The free event celebrating Muslim businesses run by stay at home mums kicked off this month
“The event brought 40 to 50 businesses from across Britain. These were all Muslim businesses but the monthly market is open to the public – whoever wants to attend. The products you find on social media are accessible at the market at great prices,” a spokesman said.
The organizers announced that it would be a regular free event taking place on the last Saturday of every month in Birmingham.
The event founder, Yasmin Choudhury said: “I can’t believe how many people turned up – the registration area wasn’t big enough for everyone! We had between 350- 400 people. I was expecting around 300. I’m pleased that a lot of people found it really well organized with businesses categorized by area – for example, clothes and food.”
The businesses which participated this weekend included ‘The Love Skin Company’ selling beauty products, fashion business ‘Modesty’ by Faizah, confectionery specialist Tray Bakes by Fahmy ‘Mamas Touch’ which sells personalized baby pillows, cool mugs from ‘Hubb Education’.
New for Muslim Mums
According to the entrepreneur Choudhury, each of the businesses paid around £45 for a stall – with the henna stalls paying a little less.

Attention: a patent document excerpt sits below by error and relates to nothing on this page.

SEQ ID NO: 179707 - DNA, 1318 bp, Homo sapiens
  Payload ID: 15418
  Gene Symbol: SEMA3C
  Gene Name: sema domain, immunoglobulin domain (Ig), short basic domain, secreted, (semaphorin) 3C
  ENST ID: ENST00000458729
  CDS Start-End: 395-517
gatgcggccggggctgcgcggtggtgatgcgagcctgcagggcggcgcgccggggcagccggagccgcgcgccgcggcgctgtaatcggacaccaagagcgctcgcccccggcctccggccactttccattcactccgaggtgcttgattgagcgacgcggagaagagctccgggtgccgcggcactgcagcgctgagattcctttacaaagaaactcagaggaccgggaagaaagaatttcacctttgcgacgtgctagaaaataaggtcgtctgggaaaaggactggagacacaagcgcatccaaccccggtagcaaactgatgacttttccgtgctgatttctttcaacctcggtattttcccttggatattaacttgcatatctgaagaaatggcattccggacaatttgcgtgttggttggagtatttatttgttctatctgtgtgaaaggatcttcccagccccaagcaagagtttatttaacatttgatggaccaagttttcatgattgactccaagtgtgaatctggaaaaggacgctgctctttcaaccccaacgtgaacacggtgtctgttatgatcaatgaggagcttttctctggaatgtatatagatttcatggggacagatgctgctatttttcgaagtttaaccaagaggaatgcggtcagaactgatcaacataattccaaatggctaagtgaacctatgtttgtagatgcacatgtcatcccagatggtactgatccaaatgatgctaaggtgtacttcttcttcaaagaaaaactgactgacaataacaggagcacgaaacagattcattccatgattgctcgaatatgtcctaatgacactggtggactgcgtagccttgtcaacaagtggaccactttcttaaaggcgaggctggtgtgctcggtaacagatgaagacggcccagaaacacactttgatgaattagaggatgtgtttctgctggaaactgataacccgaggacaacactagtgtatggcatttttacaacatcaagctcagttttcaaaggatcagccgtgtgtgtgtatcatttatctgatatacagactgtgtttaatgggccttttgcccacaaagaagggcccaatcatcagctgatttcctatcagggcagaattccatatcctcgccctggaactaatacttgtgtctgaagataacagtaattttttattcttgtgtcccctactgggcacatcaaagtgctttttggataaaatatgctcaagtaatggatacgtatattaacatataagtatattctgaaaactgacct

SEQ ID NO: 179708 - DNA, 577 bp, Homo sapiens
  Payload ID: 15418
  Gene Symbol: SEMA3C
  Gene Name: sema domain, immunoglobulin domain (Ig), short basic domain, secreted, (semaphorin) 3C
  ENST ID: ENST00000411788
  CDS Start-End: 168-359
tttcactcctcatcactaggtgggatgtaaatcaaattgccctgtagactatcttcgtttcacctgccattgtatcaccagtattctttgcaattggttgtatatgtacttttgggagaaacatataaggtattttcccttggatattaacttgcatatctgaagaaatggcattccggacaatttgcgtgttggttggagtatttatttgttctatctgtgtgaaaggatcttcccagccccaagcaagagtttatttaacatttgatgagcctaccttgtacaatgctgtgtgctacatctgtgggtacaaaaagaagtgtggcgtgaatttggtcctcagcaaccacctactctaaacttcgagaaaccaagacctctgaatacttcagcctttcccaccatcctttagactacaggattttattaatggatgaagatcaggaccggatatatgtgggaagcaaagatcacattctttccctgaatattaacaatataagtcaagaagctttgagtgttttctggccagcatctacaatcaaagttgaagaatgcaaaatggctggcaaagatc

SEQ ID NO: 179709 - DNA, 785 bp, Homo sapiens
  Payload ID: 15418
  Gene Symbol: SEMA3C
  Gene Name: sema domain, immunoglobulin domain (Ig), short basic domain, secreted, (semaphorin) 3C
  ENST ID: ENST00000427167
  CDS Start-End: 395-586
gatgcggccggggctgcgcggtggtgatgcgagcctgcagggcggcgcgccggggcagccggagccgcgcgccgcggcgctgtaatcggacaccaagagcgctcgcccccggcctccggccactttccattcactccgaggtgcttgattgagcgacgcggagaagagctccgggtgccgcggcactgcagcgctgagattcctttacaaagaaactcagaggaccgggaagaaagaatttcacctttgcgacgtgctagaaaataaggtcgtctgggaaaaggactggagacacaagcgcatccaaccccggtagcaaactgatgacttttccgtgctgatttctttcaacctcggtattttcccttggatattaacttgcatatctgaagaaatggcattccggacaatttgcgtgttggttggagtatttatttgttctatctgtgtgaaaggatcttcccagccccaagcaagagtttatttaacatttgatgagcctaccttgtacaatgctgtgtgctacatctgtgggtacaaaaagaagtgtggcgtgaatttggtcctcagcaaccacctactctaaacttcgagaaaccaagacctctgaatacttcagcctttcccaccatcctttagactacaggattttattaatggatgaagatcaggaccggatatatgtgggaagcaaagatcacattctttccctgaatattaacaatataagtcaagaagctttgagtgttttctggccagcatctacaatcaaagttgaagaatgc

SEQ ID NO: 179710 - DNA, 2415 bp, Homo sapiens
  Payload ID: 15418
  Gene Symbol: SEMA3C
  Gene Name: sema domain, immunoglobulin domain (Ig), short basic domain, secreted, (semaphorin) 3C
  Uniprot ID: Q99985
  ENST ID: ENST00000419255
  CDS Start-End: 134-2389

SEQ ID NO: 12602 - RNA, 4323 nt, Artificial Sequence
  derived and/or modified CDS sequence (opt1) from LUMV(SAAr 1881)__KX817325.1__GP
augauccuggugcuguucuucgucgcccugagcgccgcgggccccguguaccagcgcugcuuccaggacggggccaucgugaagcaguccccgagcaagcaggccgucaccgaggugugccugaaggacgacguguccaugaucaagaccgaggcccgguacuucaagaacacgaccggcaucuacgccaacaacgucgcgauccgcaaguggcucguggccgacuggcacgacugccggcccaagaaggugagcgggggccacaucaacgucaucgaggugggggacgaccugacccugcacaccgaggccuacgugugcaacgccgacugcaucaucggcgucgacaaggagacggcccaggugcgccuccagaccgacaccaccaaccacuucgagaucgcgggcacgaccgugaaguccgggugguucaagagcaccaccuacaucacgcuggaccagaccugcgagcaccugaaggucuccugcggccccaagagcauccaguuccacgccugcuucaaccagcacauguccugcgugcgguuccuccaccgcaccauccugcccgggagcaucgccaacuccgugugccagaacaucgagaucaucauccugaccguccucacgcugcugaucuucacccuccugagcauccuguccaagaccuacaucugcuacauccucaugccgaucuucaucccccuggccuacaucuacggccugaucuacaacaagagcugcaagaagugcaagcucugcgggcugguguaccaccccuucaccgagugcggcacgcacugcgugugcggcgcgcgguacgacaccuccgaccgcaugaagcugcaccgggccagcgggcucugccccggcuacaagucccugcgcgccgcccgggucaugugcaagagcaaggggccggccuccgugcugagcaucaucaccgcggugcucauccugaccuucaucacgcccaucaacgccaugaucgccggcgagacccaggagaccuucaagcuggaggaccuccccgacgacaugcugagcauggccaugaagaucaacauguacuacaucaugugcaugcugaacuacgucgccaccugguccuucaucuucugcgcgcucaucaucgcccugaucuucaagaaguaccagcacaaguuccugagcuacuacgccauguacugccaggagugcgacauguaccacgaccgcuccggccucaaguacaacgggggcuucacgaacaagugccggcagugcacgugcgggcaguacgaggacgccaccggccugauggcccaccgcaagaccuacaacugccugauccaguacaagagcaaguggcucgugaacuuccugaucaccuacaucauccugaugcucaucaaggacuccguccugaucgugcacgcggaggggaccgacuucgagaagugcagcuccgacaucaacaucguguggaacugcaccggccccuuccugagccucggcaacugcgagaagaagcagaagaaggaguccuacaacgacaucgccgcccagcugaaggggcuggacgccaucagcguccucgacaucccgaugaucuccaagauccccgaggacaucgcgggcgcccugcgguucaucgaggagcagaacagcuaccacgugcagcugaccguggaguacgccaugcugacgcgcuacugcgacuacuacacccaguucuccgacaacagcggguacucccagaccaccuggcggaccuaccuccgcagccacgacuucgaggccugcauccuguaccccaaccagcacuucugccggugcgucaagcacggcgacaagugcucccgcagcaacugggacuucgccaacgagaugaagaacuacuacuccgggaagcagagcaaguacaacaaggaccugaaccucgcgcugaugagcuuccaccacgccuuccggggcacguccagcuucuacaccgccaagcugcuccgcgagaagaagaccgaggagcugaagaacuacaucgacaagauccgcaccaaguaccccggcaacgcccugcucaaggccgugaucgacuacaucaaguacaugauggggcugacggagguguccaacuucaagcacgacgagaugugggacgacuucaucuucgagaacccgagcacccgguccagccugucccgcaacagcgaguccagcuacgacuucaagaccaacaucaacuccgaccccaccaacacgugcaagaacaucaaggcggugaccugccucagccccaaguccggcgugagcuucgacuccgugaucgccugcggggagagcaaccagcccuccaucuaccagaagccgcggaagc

The organizer, who has previously launched an online matchmaking service, is a mother of a four-month-old boy and two-year-old daughter.
Choudhury said: “This isn’t a new concept – there are farmers’ markets, street food markets but there was nothing tailored to the Muslim market – nothing that is done on an ongoing basis.”
The Muslim mother further explained that “there are pop up business events but no one has taken the risk to do this monthly and I could see the massive potential.”
Talking about the community of her event, she said: “There are lots of young Muslim entrepreneurs out there and more men starting businesses but I’d say more than half are stay-at-home mums. I want to work from home and have a balance. Most mums are the same.”
Birmingham, Muslim Stronghold
In the 2011 UK Census, 21.8% of the Birmingham population was Muslim. This is significantly higher than the average for England. The first mosque in Birmingham was the conversion of a terraced house in Balsall Heath.
However, later a grand project was undertaken by Muslims with the development of the Birmingham Central Mosque in Highgate, which was conceived in the 1960s and then opened in 1975 to great acclaim as the largest mosque in Western Europe and has since cemented its role as one of UK’s largest and most prominent Islamic centers.
There are currently just over 200 mosques in the city, including purpose-built places of worship, converted warehouses, Churches and cinemas as well as former homes, schools, and centers. The city also has a Shariah Council run by the Birmingham Mosque Trust.
Birmingham is also home to numerous Islamic schools and has many Muslim bookstores and libraries, including the exhibition centers of the Islamic Propagation Centre International (IPCI), one of the UK’s longest-running Islamic da’wah organizations.